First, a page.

Post 12: Tour de Alps

Alps

Wow!

That’s about all I can say.

For the past 24 hours, I have had the opportunity to crisscross the mountainsides in Switzerland, running (and crawling) up steep climbs for miles and taking in some breathtaking views and breath-clenching odors of cow dung.

As I continue to train for the Grandfather Mountain Marathon in July, I was looking forward to testing my mountain legs (or lack thereof) in the Alps during this European vacay…these mountains didn’t disappoint.

I completed three runs in a 24-hour stretch for a total of 26 miles. Unlike most “hilly” or “mountain” runs in central North Carolina, 26 miles in the Alps means 13 miles straight up and 13 miles straight down.

With the little sleepy valley town of Giswil as my central command, I utilized my local map (of which I could understand about five words) and set off up a different mountainside for each run in distances of 12, eight, and six miles.

WARNING: This land was not made for fat guys…only fat cows.

It’s so damn steep!

A mix of paved, gravel, and dirt trails make their way up the mountainsides at a rate of 500-700 feet of gain per mile.

Oh yes…the cows. They are everywhere!

On my longer 12-mile journey, I climbed nearly 3,000 feet in a six mile stretch. I saw three or four other hikers enjoying the day, one single motorcycle, zero cars, and about 500 cows…especially in the higher country.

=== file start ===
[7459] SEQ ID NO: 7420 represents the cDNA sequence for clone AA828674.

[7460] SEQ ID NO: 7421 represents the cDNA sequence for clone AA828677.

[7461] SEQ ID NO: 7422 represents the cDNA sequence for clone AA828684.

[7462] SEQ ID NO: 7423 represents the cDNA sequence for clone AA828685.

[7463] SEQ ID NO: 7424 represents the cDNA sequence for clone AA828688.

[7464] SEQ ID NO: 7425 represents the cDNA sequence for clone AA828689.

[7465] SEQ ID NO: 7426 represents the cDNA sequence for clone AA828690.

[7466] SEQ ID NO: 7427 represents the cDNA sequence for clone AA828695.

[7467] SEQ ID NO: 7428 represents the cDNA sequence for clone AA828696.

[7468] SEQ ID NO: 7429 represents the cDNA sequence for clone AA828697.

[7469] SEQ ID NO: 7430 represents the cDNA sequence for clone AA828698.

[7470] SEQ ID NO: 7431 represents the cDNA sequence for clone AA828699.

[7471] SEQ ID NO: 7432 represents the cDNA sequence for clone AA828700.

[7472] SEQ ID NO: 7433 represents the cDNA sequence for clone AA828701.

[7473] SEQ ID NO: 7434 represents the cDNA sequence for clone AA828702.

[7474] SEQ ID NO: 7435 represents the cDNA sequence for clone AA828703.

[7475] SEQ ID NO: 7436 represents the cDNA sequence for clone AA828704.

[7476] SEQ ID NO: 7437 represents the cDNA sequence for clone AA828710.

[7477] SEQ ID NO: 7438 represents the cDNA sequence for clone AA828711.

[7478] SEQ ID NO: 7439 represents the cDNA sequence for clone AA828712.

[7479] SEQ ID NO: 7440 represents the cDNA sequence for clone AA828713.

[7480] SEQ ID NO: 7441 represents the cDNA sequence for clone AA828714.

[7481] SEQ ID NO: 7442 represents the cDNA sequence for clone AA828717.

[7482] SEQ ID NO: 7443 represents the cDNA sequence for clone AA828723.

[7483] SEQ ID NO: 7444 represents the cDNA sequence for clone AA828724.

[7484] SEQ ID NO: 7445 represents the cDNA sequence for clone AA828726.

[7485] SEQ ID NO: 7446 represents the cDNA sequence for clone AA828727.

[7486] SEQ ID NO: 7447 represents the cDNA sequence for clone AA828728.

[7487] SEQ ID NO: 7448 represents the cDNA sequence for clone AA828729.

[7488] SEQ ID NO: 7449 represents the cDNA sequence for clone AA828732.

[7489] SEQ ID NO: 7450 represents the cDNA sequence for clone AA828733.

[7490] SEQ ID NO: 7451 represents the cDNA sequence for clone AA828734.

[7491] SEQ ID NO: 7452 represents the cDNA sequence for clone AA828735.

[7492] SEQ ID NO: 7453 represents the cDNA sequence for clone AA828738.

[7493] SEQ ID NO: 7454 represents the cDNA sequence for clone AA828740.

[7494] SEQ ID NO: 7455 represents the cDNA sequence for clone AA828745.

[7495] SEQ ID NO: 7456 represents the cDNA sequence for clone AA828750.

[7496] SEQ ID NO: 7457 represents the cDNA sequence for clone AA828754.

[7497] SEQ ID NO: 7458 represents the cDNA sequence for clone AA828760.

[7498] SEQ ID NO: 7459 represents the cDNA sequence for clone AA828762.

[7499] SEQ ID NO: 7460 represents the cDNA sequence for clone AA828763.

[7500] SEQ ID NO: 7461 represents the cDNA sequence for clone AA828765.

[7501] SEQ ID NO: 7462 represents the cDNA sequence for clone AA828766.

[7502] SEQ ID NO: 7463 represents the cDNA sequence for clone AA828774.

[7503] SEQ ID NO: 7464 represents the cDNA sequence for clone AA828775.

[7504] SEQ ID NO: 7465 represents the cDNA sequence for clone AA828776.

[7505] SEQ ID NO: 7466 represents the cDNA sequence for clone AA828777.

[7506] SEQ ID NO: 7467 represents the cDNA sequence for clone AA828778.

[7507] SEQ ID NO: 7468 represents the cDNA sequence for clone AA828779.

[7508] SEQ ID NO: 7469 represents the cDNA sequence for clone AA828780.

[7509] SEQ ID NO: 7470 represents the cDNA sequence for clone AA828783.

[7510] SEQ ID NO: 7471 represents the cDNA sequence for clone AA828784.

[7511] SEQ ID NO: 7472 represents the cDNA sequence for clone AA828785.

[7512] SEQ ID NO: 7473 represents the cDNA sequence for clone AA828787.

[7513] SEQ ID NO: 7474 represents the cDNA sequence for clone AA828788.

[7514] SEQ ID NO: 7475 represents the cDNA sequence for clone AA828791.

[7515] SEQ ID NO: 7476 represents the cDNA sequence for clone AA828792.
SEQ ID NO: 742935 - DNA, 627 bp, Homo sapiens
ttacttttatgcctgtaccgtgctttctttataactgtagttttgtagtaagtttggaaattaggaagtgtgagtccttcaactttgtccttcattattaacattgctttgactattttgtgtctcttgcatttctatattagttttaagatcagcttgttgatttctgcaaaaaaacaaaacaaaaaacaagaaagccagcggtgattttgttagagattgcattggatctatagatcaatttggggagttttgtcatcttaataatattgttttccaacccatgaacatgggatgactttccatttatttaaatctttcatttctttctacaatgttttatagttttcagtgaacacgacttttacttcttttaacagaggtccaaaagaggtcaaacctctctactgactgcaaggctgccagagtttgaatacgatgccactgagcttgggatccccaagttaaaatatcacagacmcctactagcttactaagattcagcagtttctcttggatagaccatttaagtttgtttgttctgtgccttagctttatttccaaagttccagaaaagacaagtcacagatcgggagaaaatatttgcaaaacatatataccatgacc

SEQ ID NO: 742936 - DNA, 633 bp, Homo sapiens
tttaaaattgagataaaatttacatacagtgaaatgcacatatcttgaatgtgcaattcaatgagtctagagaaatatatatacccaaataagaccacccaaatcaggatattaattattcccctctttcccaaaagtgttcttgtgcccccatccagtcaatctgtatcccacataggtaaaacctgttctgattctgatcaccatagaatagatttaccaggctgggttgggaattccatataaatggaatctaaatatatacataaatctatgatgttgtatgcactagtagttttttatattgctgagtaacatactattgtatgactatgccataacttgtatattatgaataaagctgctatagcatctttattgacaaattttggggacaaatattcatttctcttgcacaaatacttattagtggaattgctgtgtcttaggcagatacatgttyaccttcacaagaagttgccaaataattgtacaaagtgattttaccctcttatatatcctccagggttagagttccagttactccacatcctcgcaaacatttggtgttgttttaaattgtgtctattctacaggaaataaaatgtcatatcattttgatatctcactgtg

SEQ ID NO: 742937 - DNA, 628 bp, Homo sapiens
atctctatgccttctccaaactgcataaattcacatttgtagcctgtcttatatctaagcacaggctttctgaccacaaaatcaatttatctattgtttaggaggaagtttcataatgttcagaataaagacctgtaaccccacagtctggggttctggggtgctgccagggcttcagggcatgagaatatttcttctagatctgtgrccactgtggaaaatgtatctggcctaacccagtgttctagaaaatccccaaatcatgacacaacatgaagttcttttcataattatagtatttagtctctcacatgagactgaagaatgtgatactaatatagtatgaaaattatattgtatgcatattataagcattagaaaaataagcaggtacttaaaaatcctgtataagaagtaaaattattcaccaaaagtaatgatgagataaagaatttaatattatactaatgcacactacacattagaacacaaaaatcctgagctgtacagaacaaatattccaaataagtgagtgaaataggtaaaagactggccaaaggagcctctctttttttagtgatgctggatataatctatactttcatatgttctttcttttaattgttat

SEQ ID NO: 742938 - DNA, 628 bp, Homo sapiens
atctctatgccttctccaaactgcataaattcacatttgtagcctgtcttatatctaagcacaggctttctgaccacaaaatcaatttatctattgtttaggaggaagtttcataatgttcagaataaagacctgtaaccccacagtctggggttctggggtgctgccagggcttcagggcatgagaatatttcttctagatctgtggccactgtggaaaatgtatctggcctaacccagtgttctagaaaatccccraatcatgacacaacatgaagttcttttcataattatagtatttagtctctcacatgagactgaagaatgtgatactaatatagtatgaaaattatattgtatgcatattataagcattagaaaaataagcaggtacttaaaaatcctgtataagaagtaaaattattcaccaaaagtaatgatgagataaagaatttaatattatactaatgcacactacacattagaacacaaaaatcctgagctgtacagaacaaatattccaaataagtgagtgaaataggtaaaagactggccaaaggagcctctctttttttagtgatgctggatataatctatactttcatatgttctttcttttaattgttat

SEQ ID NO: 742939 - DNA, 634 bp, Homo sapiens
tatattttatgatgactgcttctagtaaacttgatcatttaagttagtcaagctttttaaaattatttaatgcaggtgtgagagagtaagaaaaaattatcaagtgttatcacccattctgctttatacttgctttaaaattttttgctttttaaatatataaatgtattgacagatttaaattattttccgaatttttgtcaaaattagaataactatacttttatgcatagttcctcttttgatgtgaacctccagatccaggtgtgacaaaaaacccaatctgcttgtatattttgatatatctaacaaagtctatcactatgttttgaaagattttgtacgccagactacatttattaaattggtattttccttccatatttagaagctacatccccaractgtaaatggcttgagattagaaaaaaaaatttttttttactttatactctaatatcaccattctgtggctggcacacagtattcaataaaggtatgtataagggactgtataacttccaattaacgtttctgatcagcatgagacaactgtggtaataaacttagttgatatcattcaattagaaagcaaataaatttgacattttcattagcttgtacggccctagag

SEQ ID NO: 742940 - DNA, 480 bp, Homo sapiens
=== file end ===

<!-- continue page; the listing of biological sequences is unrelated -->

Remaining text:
Cows

These animals live on steep hillsides with electric fences keeping them penned in (or maybe to catch them if they start to roll?). Uniquely, they each have bells around their necks which seem to ring every time they swat at a fly and can be heard from a valley away. The pure mountain air and water is supposedly the key to the milk that creates the famous Swiss chocolate, the best in the world.

That could be, but I left these encounters pretty inspired for another reason.

How does an animal that is 10 times my weight live their whole life on the steepest mountains in the world? Talk about Attitude and Effort! Surely, if these cows can climb the mountains every day, us fat guys can lug our girth up some North Carolina hills once in a while.

Hmm…maybe there’s something to the bell?

I was further amazed by the organization and breadth of trails through the area, especially in the remote higher sections. Each route was marked and signs were placed at each intersection providing directions to nearby towns. Cycling is obviously huge in this part of Europe and many paths were completely closed to motorized vehicles, a dedicated route for cyclists and random running fat guys from the USA.

Sign

Despite packing a lot of miles (and climbs) into a short period of time, my body actually held up fairly well. Maybe the constant dinner bells kept me motivated? I certainly took my time through each run to take photos and take in the views. It was always exciting to see what was over the next ridge.

It did strike me that I did not see one fat Swiss person, only fat Swiss cows. Although this limits my potential readership in Switzerland, it illustrates an important point. Need to lose some weight? Go on an extended Swiss vacation…just watch out for the flies and cow dung.

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